What is Shoulder Instability?
According to Dr. Matthew Dilisio, Orthopedic Surgeon for CHI Health Clinic, shoulder instability is when the ball of the shoulder comes out of the socket. There are two main types. The first kind is called atraumatic shoulder instability - that’s where the ligaments are loose and the shoulder may shift. That responds well to physical therapy.
The second type is called traumatic instability - that’s more related to sports. That’s where a severe injury dislocates the ball from the socket and often there’s a ligament tear. Sometimes we need to repair the ligament back down to the bone to restore stability to the shoulder and get the patient back to sports.
What are the symptoms of shoulder instability?
The symptoms of shoulder instability can be pain. Usually it’s a subtle shifting of the shoulder. Often it occurs with heavy activity like sports. Sometimes the symptoms are severe enough where the patient can have the shoulder shift during sleep. When it’s that severe, we recommend an evaluation by an orthopedic surgeon.
How is should instability treated?
Atraumatic shoulder instability responds well to conservative treatment in which we strengthen the muscles around the shoulder. Traumatic shoulder instability that results from a ligament tear, often requires operative intervention. We will fix the ligament with minimally invasive surgery done with a camera.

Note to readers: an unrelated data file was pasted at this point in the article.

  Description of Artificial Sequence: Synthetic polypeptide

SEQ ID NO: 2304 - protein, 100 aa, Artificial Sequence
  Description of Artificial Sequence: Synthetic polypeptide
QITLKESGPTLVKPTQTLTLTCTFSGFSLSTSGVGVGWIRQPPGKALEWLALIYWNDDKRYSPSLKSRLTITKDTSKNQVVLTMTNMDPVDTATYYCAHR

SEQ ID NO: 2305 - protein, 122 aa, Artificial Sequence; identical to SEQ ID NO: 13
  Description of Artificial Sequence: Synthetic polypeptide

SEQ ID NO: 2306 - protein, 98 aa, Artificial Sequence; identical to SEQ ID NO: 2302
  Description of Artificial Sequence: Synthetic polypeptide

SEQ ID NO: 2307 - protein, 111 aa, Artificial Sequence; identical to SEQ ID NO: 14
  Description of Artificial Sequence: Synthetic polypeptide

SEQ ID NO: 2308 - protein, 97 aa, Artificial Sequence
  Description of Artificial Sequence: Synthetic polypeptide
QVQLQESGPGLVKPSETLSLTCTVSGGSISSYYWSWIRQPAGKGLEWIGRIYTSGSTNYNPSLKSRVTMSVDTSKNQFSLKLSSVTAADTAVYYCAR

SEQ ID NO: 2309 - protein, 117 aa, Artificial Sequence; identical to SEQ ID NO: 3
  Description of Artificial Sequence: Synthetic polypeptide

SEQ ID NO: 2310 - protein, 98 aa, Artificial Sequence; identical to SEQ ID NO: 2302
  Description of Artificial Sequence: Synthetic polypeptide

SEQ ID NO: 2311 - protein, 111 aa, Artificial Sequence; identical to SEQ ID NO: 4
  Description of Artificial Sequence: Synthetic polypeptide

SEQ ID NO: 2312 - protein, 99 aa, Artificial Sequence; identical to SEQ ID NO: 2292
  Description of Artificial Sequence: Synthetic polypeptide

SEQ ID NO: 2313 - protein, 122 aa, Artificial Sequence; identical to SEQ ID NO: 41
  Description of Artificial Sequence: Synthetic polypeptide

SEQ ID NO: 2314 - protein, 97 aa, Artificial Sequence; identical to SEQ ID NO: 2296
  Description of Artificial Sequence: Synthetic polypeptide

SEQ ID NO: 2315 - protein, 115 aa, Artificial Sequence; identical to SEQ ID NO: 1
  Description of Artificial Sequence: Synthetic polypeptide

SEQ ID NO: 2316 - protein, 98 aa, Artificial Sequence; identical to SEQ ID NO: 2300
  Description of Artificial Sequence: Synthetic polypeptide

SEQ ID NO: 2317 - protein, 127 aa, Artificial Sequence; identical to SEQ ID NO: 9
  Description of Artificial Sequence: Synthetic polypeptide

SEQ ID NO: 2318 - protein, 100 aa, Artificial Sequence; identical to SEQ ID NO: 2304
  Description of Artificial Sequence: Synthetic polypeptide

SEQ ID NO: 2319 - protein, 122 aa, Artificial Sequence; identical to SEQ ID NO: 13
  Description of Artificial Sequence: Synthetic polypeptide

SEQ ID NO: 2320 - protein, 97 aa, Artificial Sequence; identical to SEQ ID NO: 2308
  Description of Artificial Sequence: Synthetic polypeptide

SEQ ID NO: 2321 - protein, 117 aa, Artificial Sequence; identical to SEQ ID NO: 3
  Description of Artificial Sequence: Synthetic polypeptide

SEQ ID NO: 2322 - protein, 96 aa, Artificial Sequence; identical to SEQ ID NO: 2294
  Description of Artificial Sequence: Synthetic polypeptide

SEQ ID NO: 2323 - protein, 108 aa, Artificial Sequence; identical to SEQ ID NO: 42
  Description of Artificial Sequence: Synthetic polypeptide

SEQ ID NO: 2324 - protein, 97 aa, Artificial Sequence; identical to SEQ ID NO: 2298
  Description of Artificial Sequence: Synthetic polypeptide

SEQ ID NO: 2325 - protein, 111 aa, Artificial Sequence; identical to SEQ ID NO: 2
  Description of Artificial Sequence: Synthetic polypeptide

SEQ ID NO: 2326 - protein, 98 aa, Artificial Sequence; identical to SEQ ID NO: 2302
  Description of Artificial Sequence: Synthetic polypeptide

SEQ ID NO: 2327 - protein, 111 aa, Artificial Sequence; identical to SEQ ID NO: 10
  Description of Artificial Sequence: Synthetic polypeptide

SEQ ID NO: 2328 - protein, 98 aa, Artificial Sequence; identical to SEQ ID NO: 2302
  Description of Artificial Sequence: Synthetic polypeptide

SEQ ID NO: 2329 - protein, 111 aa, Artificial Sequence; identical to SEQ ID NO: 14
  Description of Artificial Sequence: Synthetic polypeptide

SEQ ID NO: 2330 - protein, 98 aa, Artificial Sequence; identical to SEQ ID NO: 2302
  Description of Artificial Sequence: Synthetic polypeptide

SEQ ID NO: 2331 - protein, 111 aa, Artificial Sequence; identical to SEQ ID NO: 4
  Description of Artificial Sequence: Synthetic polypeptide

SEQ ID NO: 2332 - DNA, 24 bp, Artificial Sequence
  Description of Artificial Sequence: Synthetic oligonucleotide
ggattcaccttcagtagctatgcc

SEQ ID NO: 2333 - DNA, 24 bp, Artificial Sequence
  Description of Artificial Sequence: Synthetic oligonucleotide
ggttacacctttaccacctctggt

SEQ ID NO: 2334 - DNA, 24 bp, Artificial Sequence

Biceps Tendon Surgery (Biceps Tenodesis)
Biceps tendon injuries cause rotational deficits to the shoulder, which means there is pain and limited motion when reaching behind your back, throwing a ball, dressing yourself, and other similar activities. These are all rotational type motions. Most people hear "biceps tendon injury" and immediately think of the biceps curl, but biceps tendon injuries do not affect your ability to perform a biceps curl, that is the biceps muscle.
Biceps tendon tears and injuries cause pain with rotation to the shoulder. This can be seen in athletes, tennis players, volleyball players, throwers, baseball players as well as weight lifters and weekend warriors. Sometimes when conservative treatments such as rest, anti-inflammatory medications, therapy and cortisone injections fail, surgery may be needed.
Biceps Tendon surgery is ambulatory, meaning the patient goes home after surgery and the procedure takes about 15 minutes to perform. Recovery is fast, and patients may use their arm the day following surgery to perform activities of daily living. Patients regain near full motion by 3-6 weeks following surgery.